Spectroscopy platform integrates light source, optical comb generator, optical frequency meter

November 9, 2005 Tokyo, Japan -- Optical Comb Institute, Inc. has introduced its MF-0581A Optical Frequency Counter, a testing unit that integrates functions including a frequency-stabilized light source, optical comb generator, and optical frequency meter.

Th 192398

November 9, 2005 Tokyo, Japan -- Optical Comb Institute, Inc. has introduced its MF-0581A Optical Frequency Counter, a testing unit that integrates functions including a frequency-stabilized light source, optical comb generator, and optical frequency meter.

According to the company, to use the device, a user need only connect the input light source to be measured (in C-band or 1530 � 1565 nm) to the device and press the "Start" button; the unit then displays the optical frequency in the order of 1 MHz (9 digits), which is 100x more precise than the conventional methods, says the company.

The company says the technology used in the product was awarded the 2005 Nobel Prize in Physics, and that the product has made the "laser- based precision spectroscopy, including the optical frequency comb technique" available to the market in the form of an all-in-one unit.

The company says the product has great potential to bring about a breakthrough not only in the development of optical communication devices and equipment, but also in optical measurement applications for non-communication purposes.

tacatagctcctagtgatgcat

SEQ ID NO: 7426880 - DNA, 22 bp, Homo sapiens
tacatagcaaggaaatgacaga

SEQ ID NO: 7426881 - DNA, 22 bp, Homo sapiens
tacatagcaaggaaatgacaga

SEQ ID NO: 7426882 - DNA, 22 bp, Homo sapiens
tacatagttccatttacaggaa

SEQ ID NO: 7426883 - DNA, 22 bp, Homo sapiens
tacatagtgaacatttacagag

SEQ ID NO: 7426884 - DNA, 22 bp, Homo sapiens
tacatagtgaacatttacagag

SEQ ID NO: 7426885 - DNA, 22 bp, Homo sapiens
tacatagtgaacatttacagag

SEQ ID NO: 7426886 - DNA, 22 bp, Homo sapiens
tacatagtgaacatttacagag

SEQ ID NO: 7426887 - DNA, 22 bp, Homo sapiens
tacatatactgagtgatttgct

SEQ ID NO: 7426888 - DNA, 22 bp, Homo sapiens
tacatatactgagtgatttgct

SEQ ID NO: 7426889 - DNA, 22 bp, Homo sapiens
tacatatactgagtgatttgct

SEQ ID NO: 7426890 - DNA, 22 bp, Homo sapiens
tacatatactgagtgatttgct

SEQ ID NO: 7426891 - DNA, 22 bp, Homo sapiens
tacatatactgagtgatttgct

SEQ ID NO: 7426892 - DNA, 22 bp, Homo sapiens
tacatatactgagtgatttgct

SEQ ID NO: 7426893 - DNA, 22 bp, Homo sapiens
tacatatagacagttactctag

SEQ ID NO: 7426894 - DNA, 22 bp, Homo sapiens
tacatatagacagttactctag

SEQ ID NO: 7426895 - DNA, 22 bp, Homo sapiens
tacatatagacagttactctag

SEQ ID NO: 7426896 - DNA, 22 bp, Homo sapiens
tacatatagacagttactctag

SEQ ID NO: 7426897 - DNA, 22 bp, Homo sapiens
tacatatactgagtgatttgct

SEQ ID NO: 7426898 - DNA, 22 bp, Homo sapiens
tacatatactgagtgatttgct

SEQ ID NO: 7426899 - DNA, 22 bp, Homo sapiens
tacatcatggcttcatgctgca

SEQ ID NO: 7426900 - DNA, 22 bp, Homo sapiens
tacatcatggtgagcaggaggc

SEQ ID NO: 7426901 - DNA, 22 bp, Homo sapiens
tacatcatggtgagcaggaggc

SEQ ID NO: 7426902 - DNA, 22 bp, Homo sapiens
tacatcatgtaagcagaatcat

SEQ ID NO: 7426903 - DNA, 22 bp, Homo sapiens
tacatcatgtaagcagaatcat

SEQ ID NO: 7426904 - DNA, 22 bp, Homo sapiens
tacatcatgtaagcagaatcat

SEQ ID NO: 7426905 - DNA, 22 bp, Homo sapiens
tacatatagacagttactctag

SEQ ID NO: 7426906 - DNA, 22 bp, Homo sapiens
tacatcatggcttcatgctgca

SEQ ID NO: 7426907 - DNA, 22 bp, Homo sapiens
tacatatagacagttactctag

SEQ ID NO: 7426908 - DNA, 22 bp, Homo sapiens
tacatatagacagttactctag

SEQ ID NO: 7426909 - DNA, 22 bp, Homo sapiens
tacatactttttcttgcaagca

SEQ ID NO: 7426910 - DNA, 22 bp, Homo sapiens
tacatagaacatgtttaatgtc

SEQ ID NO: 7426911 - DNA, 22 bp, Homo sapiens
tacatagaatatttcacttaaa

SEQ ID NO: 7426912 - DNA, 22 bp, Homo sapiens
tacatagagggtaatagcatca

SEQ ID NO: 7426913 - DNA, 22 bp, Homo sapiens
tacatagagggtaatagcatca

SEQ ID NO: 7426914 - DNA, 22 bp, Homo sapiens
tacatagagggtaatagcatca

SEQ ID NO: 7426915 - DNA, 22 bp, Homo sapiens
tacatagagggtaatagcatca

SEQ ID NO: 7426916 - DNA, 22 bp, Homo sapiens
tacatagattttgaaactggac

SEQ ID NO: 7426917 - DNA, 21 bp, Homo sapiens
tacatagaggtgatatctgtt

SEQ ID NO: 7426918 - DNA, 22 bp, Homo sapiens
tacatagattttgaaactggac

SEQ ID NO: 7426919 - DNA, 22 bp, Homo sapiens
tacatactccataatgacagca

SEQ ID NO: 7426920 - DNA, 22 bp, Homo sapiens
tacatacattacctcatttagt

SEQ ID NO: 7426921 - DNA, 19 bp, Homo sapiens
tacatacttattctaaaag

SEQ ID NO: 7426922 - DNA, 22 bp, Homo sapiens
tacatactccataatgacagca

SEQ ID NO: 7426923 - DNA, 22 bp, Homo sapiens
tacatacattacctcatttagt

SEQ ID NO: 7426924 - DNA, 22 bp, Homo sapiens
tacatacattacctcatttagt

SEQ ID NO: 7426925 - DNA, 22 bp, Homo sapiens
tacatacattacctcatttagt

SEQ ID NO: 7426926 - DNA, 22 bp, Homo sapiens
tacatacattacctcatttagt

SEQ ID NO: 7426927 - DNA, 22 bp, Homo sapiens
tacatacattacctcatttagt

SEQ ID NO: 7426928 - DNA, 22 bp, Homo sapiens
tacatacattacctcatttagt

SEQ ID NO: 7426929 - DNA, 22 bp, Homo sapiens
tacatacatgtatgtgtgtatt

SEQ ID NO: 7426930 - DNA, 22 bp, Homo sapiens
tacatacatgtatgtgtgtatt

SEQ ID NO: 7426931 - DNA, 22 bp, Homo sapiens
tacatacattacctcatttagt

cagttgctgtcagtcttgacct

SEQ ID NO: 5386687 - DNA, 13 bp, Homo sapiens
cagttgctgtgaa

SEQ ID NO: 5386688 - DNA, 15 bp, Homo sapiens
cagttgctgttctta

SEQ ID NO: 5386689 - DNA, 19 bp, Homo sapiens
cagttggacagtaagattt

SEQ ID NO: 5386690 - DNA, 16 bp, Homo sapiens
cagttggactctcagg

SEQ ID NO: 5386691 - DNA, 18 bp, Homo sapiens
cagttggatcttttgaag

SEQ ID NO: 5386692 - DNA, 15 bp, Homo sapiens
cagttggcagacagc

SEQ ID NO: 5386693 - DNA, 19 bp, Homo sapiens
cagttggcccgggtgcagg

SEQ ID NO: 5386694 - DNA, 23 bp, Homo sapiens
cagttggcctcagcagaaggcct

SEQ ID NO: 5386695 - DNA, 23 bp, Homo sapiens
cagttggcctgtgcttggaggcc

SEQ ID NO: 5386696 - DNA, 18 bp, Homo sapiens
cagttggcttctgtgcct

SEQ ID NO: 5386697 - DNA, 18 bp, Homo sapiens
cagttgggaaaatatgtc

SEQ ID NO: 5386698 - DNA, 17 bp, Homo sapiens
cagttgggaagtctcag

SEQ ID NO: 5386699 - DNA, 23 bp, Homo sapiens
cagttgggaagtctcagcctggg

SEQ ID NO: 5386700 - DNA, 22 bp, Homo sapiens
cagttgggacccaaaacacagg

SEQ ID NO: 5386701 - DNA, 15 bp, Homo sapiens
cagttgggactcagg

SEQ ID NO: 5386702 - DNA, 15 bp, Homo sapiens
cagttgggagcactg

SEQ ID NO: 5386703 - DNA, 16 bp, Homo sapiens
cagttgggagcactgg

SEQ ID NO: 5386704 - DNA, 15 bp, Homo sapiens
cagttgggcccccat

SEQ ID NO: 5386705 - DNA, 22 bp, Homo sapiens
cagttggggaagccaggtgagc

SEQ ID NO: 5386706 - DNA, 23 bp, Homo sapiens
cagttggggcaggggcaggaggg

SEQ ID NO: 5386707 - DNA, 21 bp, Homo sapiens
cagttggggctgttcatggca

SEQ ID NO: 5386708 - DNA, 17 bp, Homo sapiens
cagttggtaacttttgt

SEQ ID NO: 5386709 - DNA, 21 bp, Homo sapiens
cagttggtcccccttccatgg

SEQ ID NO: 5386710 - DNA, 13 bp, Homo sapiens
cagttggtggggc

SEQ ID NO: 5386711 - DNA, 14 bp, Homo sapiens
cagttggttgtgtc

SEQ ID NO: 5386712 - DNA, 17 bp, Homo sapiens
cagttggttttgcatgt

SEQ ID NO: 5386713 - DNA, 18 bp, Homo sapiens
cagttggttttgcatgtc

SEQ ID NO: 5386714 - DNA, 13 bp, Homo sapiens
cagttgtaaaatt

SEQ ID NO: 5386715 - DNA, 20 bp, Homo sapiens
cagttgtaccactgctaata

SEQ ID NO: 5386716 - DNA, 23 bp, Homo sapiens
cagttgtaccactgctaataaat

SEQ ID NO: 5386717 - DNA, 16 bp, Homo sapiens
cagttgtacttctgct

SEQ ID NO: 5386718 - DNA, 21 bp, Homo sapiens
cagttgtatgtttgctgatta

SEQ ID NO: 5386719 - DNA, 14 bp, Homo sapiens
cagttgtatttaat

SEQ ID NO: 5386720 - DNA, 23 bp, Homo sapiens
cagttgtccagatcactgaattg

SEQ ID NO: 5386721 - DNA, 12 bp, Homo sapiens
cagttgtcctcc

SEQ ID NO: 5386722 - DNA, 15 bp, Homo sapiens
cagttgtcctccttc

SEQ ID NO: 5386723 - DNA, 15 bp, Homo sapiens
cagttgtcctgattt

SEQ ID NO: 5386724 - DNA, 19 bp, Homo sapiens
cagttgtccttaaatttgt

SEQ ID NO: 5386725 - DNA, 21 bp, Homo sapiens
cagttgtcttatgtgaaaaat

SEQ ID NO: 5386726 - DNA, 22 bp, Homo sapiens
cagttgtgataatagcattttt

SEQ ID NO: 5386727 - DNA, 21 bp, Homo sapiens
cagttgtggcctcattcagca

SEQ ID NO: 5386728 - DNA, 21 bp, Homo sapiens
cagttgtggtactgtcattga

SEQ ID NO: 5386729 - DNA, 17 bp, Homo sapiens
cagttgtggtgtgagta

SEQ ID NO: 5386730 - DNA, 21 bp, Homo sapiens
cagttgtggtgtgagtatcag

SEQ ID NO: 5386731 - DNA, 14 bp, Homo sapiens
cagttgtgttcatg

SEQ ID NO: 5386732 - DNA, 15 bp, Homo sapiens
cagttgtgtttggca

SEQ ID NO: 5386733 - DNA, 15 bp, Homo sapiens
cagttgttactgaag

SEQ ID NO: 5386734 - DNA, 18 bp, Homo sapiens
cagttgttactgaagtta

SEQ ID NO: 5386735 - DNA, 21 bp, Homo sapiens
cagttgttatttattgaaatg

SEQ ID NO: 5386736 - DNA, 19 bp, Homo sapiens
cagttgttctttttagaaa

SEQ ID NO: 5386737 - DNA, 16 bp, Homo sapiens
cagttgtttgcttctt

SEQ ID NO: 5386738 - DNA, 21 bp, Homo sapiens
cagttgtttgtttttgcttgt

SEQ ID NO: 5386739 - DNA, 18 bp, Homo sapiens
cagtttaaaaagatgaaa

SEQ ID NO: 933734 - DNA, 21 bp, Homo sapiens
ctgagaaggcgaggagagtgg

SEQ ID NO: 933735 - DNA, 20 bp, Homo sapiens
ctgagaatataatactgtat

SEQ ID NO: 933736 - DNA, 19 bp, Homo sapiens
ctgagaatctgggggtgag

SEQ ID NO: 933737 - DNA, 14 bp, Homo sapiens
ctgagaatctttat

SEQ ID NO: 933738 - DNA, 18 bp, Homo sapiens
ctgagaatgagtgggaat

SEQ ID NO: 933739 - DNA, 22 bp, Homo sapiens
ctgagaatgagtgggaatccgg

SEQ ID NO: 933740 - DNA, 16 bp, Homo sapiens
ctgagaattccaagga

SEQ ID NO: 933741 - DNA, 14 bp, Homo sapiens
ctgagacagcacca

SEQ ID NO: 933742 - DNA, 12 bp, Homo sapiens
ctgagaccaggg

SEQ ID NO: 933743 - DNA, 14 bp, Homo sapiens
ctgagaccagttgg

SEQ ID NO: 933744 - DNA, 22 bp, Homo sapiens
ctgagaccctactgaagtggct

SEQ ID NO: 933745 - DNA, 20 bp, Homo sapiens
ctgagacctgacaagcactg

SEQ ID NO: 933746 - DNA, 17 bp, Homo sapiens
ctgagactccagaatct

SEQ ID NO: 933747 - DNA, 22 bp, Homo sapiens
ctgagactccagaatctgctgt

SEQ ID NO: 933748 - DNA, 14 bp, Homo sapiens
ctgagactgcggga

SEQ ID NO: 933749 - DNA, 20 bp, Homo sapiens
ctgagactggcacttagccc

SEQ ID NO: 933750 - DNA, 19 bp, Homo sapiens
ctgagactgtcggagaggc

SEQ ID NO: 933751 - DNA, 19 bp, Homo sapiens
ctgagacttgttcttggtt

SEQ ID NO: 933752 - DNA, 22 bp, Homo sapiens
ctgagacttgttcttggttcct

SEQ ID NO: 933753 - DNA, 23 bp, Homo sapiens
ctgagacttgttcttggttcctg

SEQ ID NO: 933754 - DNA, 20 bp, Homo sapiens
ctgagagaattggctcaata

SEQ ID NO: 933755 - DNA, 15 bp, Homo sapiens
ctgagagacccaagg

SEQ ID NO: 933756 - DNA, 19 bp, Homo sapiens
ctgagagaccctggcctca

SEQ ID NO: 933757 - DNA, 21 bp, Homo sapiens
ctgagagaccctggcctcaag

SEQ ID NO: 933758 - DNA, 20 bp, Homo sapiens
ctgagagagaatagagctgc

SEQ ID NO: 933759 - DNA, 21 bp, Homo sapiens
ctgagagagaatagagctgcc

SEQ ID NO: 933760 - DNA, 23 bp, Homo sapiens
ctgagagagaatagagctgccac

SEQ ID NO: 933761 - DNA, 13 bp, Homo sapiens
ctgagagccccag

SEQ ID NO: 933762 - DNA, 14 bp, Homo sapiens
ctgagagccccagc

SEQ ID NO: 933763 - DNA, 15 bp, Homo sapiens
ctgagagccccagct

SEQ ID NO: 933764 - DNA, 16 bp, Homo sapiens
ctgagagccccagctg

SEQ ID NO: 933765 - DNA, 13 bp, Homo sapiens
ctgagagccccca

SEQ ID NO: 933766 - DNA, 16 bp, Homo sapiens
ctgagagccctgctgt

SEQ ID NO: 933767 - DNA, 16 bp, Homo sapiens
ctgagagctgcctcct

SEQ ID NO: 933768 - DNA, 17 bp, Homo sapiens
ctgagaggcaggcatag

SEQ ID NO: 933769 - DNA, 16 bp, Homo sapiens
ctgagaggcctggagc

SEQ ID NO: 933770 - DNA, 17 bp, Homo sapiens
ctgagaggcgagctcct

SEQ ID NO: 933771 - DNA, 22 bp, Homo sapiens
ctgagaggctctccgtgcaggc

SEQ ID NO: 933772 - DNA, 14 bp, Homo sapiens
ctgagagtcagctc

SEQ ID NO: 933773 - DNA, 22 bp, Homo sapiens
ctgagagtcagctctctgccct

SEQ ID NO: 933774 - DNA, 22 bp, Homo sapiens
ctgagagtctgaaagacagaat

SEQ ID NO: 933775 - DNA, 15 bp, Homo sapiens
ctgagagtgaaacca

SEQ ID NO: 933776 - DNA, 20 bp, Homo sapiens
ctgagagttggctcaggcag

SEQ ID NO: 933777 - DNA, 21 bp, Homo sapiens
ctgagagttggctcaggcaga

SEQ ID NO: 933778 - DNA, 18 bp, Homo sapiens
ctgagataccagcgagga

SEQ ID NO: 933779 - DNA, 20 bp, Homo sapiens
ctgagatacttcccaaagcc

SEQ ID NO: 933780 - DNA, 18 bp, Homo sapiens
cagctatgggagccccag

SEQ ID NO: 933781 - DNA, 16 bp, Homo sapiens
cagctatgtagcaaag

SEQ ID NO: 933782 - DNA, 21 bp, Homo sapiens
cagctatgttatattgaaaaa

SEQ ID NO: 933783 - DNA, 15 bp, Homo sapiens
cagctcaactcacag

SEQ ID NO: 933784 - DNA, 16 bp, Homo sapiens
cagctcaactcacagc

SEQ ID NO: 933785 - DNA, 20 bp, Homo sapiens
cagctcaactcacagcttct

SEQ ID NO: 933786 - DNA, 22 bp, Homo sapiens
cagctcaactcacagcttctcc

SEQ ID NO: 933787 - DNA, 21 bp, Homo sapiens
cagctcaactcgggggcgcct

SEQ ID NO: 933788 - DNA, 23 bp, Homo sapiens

According to the company, a wavelength meter, which measures the frequency of light utilizing interference with the reference light source, has traditionally been used for measuring optical wavelength and frequency. However, the company says this method allows a maximum precision of only up to 7 digits (100 MHz), which effectively caps the significant digits of displayed results.

Conversely, the company says its Optical Frequency Counter measures the absolute value of the optical frequency using a comb-like multiple frequency light source (optical comb) that works as a reference or a "scale" for the measurement. This method allows a 9-digit precision (1 MHz) 100x higher than that of conventional technologies.Th 192398

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